. To any elevator or escalator
. To any structural component benefiting a common area
. To the internal structural framework of the building
Improvements qualifying under the 2013 rules include among others these:
. Pipes and Fittings
. Plumbing Fixtures
. Fire Protection
. Permanent Interior Finishes
. Permanent Floor Coverings
. Millwork and Trim
Other qualifying improvements include movable partitions or carpeting that is not part of the property’s structure. Such improvements will not qualify as leasehold improvements under 2014’s 39-year rules and are generally depreciable over five to seven years.
Cost-segregation is a good way to look at faster depreciation deductions for qualified leasehold improvement property. These depreciations are tax law-approved.
Using cost-segregation, you’ll first pay the cost-segregation fees necessary to obtain the cost-segregation study. The study will show whether or not your cost-segregation passes IRS muster. Qualified leasehold property improvements require no such study and it’s relatively easy to identify property qualifying for the tax breaks.
Putting qualified leasehold improvements in practical terms, imagine the case of a lessee who’s made improvements to the HVAC serving a stand-alone commercial building used for retail sales. The improvements serve only the space occupied by the lessee and the HVAC improvements:
1. Do not benefit a common area.
2. Are not part of the building’s internal framework and structure?
3. Do not enlarge the building.
4. Placed in service more than three years after the building first entered service.
Per the IRS, the HVAC improvements qualify as either 39-year property or as tax-favored 15-year qualified leasehold improvements. Neither the IRS nor the lessor put forward an accelerated five-year personal property depreciation claim on the HVAC improvements.
Per the IRS, the HVAC improvements do not qualify as leasehold improvements made by the lessor as they’re located on the building’s rooftop and are not located within the building’s interior.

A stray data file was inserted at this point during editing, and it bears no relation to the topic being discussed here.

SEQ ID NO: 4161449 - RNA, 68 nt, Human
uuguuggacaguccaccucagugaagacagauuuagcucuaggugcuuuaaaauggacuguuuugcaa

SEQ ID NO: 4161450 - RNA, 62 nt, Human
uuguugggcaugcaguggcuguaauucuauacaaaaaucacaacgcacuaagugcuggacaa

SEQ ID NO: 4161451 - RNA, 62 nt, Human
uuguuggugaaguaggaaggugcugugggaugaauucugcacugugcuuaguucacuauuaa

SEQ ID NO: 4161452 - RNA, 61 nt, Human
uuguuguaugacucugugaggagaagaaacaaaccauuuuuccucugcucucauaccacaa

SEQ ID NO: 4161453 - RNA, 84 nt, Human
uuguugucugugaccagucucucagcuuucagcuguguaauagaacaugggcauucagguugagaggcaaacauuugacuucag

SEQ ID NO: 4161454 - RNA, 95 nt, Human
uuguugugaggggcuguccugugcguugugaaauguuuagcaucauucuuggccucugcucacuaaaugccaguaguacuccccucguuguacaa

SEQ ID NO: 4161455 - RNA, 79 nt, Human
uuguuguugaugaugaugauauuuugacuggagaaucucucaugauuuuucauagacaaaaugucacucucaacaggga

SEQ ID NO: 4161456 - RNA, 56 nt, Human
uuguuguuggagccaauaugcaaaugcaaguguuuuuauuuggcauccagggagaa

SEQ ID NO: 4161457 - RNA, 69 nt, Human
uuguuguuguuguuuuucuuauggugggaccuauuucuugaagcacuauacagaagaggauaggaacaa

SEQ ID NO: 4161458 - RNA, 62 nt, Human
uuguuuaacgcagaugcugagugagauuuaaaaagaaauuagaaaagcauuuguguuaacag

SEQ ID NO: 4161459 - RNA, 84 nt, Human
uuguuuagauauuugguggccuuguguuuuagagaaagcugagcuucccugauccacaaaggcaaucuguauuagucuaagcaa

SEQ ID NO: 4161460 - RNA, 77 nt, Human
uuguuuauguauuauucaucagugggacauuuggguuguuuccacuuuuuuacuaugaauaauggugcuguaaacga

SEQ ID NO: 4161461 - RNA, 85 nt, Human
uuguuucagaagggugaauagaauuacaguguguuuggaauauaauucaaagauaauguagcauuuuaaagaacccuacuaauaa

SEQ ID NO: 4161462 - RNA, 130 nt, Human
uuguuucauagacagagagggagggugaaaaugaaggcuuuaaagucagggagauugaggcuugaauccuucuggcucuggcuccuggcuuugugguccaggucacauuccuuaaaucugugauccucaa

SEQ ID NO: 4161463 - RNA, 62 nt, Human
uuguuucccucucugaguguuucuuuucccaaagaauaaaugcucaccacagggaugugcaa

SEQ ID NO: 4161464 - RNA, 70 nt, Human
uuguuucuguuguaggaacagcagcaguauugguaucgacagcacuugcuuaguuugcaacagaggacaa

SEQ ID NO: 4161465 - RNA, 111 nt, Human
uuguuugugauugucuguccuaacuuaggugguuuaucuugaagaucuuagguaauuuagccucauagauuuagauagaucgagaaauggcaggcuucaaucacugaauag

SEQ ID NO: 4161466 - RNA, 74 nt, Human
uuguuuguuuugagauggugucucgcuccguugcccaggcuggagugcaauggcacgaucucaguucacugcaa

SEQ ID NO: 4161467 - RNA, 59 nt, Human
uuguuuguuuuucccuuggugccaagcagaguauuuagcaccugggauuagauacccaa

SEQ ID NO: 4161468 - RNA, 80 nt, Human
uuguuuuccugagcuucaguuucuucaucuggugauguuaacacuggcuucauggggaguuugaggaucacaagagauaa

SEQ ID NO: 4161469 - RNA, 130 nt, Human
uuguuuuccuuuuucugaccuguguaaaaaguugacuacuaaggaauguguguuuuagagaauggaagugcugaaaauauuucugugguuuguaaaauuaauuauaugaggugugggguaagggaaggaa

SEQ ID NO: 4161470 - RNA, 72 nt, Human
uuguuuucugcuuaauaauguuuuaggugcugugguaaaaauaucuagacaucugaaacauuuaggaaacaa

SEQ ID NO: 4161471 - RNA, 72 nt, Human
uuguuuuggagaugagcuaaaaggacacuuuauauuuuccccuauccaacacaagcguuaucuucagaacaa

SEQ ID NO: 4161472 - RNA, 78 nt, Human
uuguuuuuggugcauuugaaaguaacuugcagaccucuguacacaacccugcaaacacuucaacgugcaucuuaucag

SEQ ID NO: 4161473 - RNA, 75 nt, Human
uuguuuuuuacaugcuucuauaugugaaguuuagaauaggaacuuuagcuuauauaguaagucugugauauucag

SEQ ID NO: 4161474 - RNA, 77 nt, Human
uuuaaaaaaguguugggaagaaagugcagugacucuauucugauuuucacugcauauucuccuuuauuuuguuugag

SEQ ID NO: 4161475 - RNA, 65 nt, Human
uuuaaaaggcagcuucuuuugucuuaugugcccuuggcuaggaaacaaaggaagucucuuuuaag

The taxpayer in the example above unfortunately undertook the costly HVAC improvements without good tax advice. Had the taxpayer received knowledgeable advice first, he’d have perhaps considered installing the HVAC upgrades within the leased space.
Landlords and tenants: Remember to take a good look at qualified leasehold improvements. Keep in mind the property in question must have been in service for at least three years and the improvements must be in service before midnight December 31, 2013
Call Kruse and Crawford to assure you get this done correctly.
WASHINGTON One in four consumers found an error in a credit report issued by a major agency, according to a government study released Monday.
The Federal Trade Commission study also said that 5 percent of the consumers identified errors in their reports that could lead to them paying more for mortgages, auto loans or other financial products.
The study looked at reports for 1,001 consumers issued by the three major agencies – Equifax, Experian and TransUnion. The FTC hired researchers to help consumers identify potential errors.
The study closely matches the results of a yearlong investigation by The Columbus Dispatch. The Ohio newspaper’s report last year said that thousands of consumers were denied loans because of errors on their credit reports.
The FTC says the findings underline the importance of consumers checking their credit reports.
Consumers are entitled to a free copy of their credit report each year from each of the three reporting agencies.
The FTC study also found that 20 percent of consumers had an error that was corrected by a reporting agency after the consumer disputed it. About 10 percent of consumers had their credit score changed after a reporting agency corrected errors in their reports.
The Consumer Data Industry Association, which represents the credit reporting agencies and other data companies, said the FTC study showed that the proportion of credit reports with errors that could increase the rates consumers would pay was small.
The study confirmed “that credit reports are highly accurate, and play a critical role in facilitating access to fair and affordable consumer credit,” the association said in a statement.
Experian, a British company with international operations, also said in a statement the study confirms that consumer credit reports are predominantly accurate. At the same time Experian said it “is not satisfied with this result and we continue to work toward ensuring credit reports are 100 percent accurate.”
The new U.S. Consumer Financial Protection Bureau has the authority to write and enforce rules for the credit reporting industry. In September the agency began ongoing monitoring of the credit agencies’ compliance. It’s the first time they have faced such close federal oversight.
The CFPB hasn’t yet taken any public action against the agencies. However, it is accepting complaints from consumers who discover incorrect information on their reports or have trouble getting mistakes corrected. The agencies have 15 days to respond to the complaints with a plan for fixing the problem; consumers can dispute that response.
By contrast the FTC can only take action if there is an earlier indication of wrongdoing. It cannot demand information from or investigate companies that appear to be following the law.